Manuel did a training in Heritage Conservation - Furniture in bulrush. To support this art and encourage its continuity, the local municipality donated a space, tools and raw material for the new craftsmen to begin a small business. Four years later, only Manuel endured. He wild-harvests his own material locally along the river, and is always open to training others in the craft.
To support this art and encourage its continuity, the Municipality of Santarém donated a space, the tools used during the course and the raw material left over from the internship, allowing them to start a small business. Little by little, others gave up and, 4 years later, only Manuel went on making furniture in bulrush. He is passionate about his craft and carries on, giving workshops and always looking forward to welcoming new people to come and work with him. At this time, he has 2 people over once or twice a week for training, but they can’t dedicate themselves more due to a lack of financial support, thus having to split their time with other professional activities. Manuel wild-harvests his own material locally along the river.
Located within the Former Calvary School in Santarém, a huge and typical state building from this period, in concrete and built in the 1950’s. Shared with an artisan who works soft-rush basketry, Manuel works completely surrounded by bulrush stems – all over the walls and floor – within a 10m2 area, with decent natural light, and a water point just outside the door, that was especially set up for them by the municipality.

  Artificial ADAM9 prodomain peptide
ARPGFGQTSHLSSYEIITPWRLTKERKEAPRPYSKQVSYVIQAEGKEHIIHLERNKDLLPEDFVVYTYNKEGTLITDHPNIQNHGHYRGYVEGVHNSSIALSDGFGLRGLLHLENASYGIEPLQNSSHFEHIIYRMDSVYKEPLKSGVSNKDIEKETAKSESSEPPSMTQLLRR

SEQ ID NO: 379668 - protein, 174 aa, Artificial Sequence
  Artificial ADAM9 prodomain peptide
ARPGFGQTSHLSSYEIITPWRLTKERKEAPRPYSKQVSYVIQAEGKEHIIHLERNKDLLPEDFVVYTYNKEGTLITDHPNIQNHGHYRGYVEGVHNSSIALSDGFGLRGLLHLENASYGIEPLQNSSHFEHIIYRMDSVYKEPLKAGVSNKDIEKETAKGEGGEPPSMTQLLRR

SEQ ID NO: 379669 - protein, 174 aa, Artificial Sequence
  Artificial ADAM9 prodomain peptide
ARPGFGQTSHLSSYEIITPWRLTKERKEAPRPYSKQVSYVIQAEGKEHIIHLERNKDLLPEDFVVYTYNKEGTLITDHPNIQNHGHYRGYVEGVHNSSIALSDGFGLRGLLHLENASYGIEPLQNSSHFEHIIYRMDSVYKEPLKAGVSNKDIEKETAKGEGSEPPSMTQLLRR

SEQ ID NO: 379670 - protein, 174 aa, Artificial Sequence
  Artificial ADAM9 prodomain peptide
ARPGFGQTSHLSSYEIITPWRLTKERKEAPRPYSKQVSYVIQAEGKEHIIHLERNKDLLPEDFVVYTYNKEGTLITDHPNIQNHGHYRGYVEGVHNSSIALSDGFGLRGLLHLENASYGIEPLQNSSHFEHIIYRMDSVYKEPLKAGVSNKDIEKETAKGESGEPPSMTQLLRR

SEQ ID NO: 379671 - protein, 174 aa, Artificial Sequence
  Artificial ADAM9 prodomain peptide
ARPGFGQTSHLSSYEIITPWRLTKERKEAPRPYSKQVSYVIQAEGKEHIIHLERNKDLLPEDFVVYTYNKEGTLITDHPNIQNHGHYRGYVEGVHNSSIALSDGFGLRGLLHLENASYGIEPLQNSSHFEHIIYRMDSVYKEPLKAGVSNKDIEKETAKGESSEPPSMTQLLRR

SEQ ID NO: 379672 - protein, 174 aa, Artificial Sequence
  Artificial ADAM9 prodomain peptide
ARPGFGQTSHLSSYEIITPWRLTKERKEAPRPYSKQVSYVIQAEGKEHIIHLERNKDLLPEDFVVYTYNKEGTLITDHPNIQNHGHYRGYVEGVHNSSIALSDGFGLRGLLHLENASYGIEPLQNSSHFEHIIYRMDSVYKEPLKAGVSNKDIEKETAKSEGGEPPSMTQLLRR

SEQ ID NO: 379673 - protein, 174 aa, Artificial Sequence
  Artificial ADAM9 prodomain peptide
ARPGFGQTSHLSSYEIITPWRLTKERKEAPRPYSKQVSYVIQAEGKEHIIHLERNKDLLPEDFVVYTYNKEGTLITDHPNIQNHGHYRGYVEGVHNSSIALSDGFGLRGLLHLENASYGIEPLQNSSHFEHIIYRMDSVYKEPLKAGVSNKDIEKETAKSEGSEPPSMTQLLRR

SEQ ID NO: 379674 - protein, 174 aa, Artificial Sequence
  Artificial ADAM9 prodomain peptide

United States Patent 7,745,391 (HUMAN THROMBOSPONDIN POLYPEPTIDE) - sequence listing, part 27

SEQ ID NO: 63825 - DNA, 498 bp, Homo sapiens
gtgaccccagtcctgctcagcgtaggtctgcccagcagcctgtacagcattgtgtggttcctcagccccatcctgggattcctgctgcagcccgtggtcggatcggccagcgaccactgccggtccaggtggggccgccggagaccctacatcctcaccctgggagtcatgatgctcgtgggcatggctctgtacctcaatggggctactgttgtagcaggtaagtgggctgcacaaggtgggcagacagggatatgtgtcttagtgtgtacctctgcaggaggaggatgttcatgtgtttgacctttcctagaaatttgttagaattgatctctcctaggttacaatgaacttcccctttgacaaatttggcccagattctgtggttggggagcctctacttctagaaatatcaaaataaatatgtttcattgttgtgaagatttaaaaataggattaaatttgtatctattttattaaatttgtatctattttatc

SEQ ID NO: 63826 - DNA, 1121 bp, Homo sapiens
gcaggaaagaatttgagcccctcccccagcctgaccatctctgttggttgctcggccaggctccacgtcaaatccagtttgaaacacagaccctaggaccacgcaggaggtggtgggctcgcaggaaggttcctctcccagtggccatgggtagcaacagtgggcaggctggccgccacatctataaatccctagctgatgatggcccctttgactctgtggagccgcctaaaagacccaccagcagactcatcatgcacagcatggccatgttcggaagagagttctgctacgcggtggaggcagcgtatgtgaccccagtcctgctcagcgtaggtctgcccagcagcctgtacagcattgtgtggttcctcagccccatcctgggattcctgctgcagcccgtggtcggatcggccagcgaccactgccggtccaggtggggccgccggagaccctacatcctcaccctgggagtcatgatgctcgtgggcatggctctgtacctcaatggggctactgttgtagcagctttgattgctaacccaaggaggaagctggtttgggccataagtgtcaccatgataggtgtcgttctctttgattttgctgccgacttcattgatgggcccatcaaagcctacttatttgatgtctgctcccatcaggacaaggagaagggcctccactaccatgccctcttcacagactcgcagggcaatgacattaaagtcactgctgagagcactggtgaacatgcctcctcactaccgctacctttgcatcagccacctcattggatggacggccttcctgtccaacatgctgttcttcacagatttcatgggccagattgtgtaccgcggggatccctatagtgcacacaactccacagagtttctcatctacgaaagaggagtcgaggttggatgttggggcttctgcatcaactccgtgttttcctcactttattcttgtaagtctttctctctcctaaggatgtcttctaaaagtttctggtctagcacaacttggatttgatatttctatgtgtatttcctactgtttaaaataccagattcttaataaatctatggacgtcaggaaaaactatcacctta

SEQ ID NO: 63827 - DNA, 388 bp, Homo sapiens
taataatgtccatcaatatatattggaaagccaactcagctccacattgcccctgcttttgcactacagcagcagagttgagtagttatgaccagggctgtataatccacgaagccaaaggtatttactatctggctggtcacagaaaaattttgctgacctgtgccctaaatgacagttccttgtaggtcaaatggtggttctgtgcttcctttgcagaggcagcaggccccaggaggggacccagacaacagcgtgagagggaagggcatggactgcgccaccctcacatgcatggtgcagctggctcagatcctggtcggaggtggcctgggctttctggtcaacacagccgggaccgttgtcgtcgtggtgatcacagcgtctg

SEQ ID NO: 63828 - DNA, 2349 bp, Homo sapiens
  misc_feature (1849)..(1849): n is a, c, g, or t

Work is done sitting on a low bench, holding between legs the object to be made. In general, the stems used to weave are kept on one side and the “filler” on the other. The “mancheia” (handful) makes up the right amount to form the filling of the “slices”, that are woven and overlapped.
Harvesting is done once a year for use along the year, always preparing the amount necessary the evening before each work day. The stems are cut at about 80 cm from bottom to top, moistening the lower part overnight. This part is used for weaving and the upper part is used as filling.
A container with water serves to keep the ends and filler slightly wet, and water is also used to keep hands moist to protect the skin. Tools used are a razor/knife (to trim excess material and cut imperfections at the end of each work), a “pazelha” (wooden wedge that serves to push the excess straw to the inside of the piece), a needle (made of steel, a wooden handle, and with a hole at its end to pass the fiber through, like in sewing), and a watering can.